• Inadequate Utilization of resources: The country suffers from underemployment and hidden unemployment, notably in the agricultural sector. Low agricultural productivity and a drop in living standards have ensued as a result of this.
  • Economic Development at a Slow Rate: India’s economic development has been slow, particularly in the first 40 years of independence before the LPG reforms in 1991.
  • Continuous Price hike: The country’s price increases have been consistent, adding to the burden carried by the poor. Although a few people have profited, the lower-income groups have suffered as a result, and are unable to meet even their most basic needs. 
  • Unemployment is another element that contributes to poverty in India. As the world’s population grows, so does the number of people looking for work. However, the increase of possibilities is insufficient to meet the demand for work.
  • Social Issues: In addition to economic problems, social factors obstruct India’s poverty eradication efforts. The laws of inheritance, the caste system, and certain customs, to name a few, are all obstacles in this respect.

Sample Questions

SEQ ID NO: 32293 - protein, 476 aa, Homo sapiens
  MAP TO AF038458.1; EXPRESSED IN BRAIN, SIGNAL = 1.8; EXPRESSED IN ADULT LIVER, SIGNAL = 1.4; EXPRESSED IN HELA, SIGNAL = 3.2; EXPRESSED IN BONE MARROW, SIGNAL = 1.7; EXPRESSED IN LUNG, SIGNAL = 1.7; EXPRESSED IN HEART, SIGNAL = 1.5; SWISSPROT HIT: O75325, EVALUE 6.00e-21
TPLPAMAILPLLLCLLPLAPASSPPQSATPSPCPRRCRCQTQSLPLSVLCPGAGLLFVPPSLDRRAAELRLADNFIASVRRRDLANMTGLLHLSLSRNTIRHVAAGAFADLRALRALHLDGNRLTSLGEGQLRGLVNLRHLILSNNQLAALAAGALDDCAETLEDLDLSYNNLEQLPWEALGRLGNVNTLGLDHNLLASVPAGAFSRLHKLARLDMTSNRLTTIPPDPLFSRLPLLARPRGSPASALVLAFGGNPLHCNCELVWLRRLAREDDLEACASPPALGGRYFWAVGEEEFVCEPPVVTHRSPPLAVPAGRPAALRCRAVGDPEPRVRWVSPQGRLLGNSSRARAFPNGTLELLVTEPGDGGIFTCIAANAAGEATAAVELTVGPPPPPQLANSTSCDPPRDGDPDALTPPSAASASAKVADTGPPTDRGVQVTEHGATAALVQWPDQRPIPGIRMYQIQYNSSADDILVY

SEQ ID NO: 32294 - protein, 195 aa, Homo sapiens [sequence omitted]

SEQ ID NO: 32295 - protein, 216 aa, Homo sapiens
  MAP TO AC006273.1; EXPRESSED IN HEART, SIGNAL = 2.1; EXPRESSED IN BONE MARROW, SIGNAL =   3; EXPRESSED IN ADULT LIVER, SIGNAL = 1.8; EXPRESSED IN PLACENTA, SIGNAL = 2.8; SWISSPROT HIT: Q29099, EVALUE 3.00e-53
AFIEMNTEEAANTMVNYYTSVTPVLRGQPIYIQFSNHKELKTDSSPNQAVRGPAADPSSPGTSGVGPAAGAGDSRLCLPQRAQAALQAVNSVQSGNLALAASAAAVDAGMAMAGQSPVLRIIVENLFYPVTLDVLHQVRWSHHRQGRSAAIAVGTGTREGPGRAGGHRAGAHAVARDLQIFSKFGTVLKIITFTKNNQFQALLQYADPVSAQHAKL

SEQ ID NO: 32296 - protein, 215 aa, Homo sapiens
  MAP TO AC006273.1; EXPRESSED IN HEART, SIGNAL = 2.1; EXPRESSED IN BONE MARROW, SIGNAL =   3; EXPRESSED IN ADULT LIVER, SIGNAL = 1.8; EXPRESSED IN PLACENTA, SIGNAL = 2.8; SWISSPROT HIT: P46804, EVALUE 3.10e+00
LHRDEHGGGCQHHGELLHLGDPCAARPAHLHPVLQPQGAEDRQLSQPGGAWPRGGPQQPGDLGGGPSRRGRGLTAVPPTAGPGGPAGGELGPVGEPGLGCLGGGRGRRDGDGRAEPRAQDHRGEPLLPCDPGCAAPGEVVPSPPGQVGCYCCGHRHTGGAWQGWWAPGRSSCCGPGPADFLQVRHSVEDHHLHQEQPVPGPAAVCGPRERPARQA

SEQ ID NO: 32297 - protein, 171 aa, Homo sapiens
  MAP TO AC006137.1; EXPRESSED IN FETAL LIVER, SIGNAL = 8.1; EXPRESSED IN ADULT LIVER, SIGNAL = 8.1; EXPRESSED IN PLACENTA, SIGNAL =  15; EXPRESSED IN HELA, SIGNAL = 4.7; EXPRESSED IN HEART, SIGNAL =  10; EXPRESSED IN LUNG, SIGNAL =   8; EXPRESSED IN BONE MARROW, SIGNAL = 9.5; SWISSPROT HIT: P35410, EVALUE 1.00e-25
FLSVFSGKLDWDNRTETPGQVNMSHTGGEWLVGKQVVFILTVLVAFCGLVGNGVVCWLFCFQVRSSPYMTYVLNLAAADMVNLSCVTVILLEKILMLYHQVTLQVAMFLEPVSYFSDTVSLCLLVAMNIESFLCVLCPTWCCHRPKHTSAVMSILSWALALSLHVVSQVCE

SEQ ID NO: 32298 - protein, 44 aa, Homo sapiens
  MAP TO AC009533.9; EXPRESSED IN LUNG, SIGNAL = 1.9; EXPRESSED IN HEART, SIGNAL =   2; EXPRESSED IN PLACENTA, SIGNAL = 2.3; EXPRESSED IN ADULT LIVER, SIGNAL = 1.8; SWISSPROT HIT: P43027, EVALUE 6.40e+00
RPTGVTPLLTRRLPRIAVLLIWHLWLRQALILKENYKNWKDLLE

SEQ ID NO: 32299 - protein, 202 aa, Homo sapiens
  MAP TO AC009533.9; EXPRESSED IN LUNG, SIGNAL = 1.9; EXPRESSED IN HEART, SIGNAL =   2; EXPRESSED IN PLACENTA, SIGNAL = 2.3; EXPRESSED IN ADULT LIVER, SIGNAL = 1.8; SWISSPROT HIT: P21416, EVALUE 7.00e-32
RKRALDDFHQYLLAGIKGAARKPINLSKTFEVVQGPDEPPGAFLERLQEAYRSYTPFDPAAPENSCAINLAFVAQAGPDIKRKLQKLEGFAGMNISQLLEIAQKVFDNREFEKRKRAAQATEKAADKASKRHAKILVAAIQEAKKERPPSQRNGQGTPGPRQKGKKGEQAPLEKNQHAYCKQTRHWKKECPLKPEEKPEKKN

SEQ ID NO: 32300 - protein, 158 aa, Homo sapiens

Question 1: Define mass poverty? Give two dimensions of Poverty?


When a large section of society in an economy has lack of basic necessities of life then It is termed as Mass Poverty. Two dimensions of Poverty are : Hunger and Lack of shelter.

Question 2: Which group of poverty affects the most in India?


There are some Social and Economic Groups of society which are most vulnerable to poverty, that are:

  • Social groups are most vulnerable to the poorer people of Scheduled Castes and Scheduled Tribes .
  • Economic group of society are most vulnerable to poverty are the people who are agricultural laborers and casual laborers as well as the backward class people , physically and mentally challenged people .

Question 3: What are the factors responsible for the reduction of Poverty in Punjab and Kerala?


The factors responsible for the reduction of Poverty in Punjab are,

  1. In Punjab main factor is high agricultural growth that has led to reduction of Poverty .
  2. In Kerala They have worked on human resource development , or invested in human capital  .

Question 4: What are headcount ratios and economic growth?


  • Head count ratio is the proportion of population that lives below the poverty line or hardly the people who get access to the basic facilities to survive .
  • Economic growth is defines as an increase in production real output of the country .

Question 5: How was the colonial government responsible for the underdevelopment of agricultural areas in India?


The colonial government responsible for the under development of agricultural area in India because under their control India’s agriculture remains fundamentally agrarian , more than 85 % of the country’s population was dependent on agriculture and lived in villages , As there is no proper resources for the development of agriculture , small farmers tend to borrow money for seeds , fertilisers and pesticides etc and later on failed to return the borrow amount that leads to high level of indebtedness and cause of poverty.